Should Colleges with Large Endowments go Shopping?


October 11, 2007
by Scholarships.com Staff
It’s been a long year for colleges across the nation. Aside from the student lender and college study abroad fiascos, investigators are looking more closely at the handling of endowments by colleges.

It’s been a long year for colleges across the nation. Aside from the student lender and college study abroad fiascos, investigators are looking more closely at the handling of endowments by colleges.

According to The Chronicle of Higher Education, many schools have accumulated large endowment funds, some in excess of $1 billion. This is tax-free money, and if investments are well-planned, interest will lead to annual gains.

Despite this, college tuition rates have soared across the country, and students are increasingly left with debts that sometimes mirror mortgages. A proposal that could allay this problem involves forcing schools with large endowments to spend about 5 percent of their money each year, or be subject to taxes. After all, endowments are meant to aid, not hoard.

But some schools say that this is not as easy as it may seem. People who donate often leave specific instructions for endowment spending. Money may be set aside, for example, for students who are financially needy and epileptic, or for those who conduct research in the hearing sciences.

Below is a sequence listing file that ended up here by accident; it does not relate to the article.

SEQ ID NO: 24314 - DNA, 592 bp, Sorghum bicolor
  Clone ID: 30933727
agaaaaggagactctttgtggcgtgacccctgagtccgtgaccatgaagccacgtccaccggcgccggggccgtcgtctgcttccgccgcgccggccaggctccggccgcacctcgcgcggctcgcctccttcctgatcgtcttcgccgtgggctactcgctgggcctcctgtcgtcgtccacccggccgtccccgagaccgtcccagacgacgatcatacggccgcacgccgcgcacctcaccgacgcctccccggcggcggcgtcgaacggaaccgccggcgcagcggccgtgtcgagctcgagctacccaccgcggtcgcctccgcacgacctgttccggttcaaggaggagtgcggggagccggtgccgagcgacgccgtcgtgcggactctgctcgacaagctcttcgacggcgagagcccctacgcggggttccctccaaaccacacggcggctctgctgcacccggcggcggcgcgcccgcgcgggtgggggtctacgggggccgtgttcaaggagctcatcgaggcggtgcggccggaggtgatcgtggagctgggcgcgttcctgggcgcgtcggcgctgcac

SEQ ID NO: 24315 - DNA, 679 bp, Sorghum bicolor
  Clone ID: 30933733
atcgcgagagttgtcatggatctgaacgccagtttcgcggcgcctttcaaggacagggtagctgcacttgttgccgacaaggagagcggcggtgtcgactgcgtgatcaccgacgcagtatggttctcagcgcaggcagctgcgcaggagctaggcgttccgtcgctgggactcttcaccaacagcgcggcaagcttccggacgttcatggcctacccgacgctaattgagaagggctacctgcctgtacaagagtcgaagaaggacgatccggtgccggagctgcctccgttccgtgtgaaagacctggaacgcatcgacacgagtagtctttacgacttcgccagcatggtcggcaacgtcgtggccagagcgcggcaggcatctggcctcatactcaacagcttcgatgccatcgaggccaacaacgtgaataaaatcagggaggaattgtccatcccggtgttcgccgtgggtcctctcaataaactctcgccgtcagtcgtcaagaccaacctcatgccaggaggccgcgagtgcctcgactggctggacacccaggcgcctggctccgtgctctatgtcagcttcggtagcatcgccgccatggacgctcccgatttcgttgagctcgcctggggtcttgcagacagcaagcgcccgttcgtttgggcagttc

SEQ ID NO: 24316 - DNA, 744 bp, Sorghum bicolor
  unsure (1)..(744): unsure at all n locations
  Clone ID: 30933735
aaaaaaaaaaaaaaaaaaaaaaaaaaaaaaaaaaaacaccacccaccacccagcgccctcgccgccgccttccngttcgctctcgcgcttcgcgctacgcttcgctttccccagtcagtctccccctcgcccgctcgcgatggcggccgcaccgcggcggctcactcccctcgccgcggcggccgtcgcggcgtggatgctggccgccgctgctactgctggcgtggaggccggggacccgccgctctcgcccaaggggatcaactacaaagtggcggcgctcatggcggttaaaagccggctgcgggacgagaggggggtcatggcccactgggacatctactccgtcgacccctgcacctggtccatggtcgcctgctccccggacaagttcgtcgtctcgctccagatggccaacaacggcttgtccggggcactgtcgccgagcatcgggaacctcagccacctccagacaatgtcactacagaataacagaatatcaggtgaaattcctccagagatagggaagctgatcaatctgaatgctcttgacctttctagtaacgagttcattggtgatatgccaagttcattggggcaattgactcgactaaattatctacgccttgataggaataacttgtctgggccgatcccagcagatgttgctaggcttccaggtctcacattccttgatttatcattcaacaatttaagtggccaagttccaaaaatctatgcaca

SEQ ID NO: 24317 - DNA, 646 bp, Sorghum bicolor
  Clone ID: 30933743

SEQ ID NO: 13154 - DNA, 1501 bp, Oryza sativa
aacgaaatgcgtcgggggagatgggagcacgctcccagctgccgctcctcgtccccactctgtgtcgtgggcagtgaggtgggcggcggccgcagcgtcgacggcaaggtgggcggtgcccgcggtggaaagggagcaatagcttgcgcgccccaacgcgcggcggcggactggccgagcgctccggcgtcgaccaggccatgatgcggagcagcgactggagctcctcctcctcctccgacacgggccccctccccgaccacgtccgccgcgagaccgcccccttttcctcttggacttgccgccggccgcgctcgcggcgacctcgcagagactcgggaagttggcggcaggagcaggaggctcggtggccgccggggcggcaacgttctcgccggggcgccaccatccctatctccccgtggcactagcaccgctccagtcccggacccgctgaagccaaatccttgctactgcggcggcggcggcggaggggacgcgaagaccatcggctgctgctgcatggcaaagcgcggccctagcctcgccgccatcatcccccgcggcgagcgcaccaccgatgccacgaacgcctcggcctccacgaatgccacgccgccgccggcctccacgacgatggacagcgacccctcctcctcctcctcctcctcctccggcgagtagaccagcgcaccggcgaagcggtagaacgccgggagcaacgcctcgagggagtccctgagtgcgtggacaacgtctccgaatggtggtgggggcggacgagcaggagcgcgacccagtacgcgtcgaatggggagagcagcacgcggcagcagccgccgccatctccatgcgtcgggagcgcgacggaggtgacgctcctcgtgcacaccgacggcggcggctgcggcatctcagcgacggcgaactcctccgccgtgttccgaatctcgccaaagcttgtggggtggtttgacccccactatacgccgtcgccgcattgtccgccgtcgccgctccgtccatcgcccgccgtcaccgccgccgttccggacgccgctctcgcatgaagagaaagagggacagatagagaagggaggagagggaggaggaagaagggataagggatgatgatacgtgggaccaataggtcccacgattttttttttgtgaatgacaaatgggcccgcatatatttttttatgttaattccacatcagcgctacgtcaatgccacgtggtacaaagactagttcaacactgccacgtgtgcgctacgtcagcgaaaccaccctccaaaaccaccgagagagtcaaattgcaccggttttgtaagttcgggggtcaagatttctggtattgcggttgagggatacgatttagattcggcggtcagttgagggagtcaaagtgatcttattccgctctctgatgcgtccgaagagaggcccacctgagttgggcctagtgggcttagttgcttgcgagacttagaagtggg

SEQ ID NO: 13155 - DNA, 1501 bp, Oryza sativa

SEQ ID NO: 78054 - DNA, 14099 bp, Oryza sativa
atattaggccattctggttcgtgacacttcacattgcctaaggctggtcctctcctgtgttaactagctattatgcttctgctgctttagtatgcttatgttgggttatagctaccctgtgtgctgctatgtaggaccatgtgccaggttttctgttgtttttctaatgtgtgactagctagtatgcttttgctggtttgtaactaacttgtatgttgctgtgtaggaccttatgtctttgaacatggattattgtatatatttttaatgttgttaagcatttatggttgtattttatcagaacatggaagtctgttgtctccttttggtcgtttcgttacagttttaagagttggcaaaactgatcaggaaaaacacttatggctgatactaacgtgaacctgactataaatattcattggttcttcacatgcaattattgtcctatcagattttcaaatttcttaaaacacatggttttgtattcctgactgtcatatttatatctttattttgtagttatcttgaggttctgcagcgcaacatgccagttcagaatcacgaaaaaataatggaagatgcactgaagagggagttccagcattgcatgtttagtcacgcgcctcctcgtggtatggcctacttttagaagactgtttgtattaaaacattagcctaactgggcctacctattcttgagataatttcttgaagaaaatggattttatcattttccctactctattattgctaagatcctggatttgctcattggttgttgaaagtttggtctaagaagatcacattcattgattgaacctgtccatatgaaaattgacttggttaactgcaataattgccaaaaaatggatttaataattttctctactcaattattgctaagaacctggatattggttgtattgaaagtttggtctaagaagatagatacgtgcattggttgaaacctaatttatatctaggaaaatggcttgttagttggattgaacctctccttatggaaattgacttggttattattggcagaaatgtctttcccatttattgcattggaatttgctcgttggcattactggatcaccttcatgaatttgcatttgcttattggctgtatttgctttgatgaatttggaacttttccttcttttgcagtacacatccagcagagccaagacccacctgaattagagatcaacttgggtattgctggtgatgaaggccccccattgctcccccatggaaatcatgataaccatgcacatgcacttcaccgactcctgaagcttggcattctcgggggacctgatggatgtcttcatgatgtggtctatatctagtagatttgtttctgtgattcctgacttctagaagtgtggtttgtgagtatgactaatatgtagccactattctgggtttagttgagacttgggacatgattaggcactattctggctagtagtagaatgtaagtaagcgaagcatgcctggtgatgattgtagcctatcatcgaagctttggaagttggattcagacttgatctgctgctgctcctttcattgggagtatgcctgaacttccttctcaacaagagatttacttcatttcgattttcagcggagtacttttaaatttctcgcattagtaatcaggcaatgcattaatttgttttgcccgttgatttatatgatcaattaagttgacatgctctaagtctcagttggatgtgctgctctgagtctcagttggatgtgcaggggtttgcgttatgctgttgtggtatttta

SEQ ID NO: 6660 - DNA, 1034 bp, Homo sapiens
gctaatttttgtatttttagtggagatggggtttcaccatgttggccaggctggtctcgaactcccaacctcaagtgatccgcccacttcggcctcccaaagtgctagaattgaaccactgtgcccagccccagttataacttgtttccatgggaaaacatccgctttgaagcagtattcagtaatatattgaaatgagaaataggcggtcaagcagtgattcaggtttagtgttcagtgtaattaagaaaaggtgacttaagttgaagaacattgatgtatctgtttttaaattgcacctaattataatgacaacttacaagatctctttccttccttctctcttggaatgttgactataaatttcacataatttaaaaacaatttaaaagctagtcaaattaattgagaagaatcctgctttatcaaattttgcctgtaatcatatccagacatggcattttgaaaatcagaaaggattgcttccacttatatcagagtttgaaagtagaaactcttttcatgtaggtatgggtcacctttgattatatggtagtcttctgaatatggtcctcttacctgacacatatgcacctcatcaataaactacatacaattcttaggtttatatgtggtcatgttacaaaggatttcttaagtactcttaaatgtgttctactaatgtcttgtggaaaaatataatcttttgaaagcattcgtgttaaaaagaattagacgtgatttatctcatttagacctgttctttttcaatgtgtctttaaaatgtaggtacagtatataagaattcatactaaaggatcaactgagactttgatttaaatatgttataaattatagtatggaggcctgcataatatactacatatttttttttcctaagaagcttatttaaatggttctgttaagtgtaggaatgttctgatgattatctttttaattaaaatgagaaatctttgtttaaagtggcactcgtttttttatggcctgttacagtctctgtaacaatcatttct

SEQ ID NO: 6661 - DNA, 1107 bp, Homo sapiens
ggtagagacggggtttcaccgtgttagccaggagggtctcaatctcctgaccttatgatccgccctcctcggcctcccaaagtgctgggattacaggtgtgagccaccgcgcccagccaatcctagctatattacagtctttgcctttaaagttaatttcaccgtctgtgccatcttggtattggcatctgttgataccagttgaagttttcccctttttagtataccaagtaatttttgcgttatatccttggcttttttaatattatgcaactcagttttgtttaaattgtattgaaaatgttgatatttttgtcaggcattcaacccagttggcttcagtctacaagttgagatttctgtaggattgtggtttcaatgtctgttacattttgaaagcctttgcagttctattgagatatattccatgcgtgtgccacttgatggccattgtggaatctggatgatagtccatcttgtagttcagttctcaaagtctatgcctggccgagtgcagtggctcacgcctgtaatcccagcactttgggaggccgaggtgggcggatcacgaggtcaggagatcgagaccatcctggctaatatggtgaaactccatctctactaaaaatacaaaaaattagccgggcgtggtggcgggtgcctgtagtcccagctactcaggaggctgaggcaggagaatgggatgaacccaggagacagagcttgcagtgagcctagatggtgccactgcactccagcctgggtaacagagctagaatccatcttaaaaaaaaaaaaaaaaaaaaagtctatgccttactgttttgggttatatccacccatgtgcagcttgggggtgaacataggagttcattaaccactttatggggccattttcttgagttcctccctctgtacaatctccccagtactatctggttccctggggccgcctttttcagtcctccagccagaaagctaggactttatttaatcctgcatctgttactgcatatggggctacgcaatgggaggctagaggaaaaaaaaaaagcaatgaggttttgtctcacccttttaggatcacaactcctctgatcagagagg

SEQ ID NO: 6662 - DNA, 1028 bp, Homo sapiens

Based on the written testimony of four higher education associations, the American Council on Education, the Association of American Universities, the National Association of Independent Colleges and Universities and the National Association of State Universities and Land-Grant Colleges, proposed legislation is based on inaccurate college endowment information.

According to the testimony, an average of 80 percent of endowment assets were restricted at public institutions in 2006, and 55 percent were restricted at private ones. That, of course, still leaves plenty of unrestricted funds that could be used to greatly relieve student needs. This, by the way, is what higher education associations already claim to do.

The issue is a bit of a slippery slope. Endowments could diminish if expenditure choices were left up to college officials. Plus, available money doesn’t necessarily translate into swimming pools of cash for directors to dive into. 

Then again, tuition is getting out of hand, and storing large amounts of money when students have little choice but to take out excessive loans seems a bit immoral. Perhaps additional information is needed on unrestricted money expenditures and on how much is needed to maintain interest that would keep funds afloat.

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